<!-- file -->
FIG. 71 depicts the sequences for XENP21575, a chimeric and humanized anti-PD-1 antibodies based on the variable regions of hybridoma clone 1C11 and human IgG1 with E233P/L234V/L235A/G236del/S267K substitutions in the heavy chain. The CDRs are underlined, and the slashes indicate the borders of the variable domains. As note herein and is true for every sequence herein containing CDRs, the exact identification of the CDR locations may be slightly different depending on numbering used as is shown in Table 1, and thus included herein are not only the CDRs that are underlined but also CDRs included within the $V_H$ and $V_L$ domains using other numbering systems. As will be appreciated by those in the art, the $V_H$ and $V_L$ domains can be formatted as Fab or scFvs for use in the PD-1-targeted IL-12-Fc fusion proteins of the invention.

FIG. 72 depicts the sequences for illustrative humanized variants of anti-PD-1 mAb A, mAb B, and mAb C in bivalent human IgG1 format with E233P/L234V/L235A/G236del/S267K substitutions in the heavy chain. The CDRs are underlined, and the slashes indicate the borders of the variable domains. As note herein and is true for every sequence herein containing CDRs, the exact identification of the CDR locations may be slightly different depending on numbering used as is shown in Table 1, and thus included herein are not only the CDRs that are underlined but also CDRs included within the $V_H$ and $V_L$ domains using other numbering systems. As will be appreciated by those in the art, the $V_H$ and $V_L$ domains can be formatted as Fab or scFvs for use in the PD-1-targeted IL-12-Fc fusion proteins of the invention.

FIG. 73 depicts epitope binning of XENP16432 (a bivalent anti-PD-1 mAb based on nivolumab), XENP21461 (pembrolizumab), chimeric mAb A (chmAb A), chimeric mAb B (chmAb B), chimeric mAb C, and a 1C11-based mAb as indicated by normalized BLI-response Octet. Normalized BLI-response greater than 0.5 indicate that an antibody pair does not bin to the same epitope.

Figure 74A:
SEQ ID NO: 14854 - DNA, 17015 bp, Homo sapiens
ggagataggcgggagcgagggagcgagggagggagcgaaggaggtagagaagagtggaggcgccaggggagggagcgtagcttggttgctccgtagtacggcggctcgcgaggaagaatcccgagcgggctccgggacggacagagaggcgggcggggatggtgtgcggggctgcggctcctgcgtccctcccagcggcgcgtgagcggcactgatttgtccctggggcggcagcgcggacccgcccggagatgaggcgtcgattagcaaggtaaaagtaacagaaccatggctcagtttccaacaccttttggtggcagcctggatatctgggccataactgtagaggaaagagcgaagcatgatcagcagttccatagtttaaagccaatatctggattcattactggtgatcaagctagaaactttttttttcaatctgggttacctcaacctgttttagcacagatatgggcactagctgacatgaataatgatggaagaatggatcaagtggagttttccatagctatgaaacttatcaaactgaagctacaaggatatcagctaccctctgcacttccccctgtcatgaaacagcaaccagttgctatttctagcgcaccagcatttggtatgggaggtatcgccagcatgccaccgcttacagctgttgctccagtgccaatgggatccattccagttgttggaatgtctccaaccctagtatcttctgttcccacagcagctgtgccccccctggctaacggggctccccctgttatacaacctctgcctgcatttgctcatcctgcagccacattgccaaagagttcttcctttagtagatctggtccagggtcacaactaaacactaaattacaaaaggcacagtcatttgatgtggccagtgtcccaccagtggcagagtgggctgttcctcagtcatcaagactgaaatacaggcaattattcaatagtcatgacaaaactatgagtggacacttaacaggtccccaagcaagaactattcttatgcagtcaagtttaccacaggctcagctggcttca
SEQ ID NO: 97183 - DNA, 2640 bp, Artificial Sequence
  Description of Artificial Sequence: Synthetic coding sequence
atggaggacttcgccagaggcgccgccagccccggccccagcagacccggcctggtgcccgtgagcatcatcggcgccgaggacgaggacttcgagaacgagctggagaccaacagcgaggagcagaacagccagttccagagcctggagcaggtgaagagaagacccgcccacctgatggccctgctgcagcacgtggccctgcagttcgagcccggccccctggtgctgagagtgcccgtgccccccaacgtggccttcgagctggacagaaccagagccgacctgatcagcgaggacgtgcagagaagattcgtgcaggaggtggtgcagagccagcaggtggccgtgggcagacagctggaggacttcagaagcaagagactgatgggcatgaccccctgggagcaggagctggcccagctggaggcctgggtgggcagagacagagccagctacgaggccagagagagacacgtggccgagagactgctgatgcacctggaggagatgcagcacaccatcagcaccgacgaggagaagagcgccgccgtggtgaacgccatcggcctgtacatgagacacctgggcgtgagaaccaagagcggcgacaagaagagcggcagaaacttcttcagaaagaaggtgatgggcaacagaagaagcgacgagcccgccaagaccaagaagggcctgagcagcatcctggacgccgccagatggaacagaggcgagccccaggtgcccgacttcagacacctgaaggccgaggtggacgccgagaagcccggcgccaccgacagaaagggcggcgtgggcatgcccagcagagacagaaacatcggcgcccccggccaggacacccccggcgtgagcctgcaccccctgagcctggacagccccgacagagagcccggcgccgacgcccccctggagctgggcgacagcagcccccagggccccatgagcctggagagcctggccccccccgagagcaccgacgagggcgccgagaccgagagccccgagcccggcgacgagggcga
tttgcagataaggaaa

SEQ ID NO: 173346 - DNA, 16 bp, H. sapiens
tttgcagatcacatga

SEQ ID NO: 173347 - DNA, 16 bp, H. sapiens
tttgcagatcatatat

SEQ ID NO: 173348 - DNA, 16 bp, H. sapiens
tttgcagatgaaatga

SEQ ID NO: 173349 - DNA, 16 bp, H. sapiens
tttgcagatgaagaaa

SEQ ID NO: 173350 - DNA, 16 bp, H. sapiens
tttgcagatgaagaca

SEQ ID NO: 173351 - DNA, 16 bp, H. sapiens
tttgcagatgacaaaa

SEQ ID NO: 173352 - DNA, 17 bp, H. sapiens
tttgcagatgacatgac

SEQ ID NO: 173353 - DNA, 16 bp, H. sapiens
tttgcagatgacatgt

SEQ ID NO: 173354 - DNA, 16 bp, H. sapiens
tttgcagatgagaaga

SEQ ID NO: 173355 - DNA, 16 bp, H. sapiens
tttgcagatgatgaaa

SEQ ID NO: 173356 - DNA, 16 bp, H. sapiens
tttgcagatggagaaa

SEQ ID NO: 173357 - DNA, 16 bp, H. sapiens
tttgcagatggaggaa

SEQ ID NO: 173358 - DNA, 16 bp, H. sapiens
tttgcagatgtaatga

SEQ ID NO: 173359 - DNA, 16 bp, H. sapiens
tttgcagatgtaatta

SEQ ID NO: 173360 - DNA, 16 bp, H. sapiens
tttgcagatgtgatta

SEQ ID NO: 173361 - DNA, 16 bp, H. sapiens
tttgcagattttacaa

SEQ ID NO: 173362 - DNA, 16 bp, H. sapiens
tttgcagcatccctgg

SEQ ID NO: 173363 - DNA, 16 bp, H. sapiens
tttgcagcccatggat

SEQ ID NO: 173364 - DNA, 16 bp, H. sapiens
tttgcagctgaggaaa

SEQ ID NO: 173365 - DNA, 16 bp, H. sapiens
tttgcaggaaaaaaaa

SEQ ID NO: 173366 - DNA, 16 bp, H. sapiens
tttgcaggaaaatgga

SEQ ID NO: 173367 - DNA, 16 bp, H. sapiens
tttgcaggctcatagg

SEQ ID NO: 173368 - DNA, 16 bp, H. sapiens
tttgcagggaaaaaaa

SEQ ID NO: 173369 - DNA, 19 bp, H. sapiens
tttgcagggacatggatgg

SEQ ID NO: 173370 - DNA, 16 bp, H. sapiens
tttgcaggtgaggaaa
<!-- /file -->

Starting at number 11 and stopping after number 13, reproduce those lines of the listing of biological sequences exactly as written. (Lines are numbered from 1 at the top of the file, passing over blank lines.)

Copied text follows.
SEQ ID NO: 173346 - DNA, 16 bp, H. sapiens
tttgcagatcacatga

SEQ ID NO: 173347 - DNA, 16 bp, H. sapiens